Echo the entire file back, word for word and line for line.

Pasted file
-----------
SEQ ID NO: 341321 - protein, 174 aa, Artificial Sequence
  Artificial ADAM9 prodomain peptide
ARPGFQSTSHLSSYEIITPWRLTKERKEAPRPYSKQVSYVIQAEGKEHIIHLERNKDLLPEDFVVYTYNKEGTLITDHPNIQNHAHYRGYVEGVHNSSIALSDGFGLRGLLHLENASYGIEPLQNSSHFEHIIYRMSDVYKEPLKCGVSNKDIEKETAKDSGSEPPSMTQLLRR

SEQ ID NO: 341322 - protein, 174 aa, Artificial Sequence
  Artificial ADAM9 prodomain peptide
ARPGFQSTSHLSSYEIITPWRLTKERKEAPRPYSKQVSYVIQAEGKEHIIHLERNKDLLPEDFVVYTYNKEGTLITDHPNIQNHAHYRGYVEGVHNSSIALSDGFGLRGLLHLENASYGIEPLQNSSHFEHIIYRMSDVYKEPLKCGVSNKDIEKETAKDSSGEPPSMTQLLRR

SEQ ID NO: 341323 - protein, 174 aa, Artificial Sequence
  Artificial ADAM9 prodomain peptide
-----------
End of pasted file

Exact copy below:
SEQ ID NO: 341321 - protein, 174 aa, Artificial Sequence
  Artificial ADAM9 prodomain peptide
ARPGFQSTSHLSSYEIITPWRLTKERKEAPRPYSKQVSYVIQAEGKEHIIHLERNKDLLPEDFVVYTYNKEGTLITDHPNIQNHAHYRGYVEGVHNSSIALSDGFGLRGLLHLENASYGIEPLQNSSHFEHIIYRMSDVYKEPLKCGVSNKDIEKETAKDSGSEPPSMTQLLRR

SEQ ID NO: 341322 - protein, 174 aa, Artificial Sequence
  Artificial ADAM9 prodomain peptide
ARPGFQSTSHLSSYEIITPWRLTKERKEAPRPYSKQVSYVIQAEGKEHIIHLERNKDLLPEDFVVYTYNKEGTLITDHPNIQNHAHYRGYVEGVHNSSIALSDGFGLRGLLHLENASYGIEPLQNSSHFEHIIYRMSDVYKEPLKCGVSNKDIEKETAKDSSGEPPSMTQLLRR

SEQ ID NO: 341323 - protein, 174 aa, Artificial Sequence
  Artificial ADAM9 prodomain peptide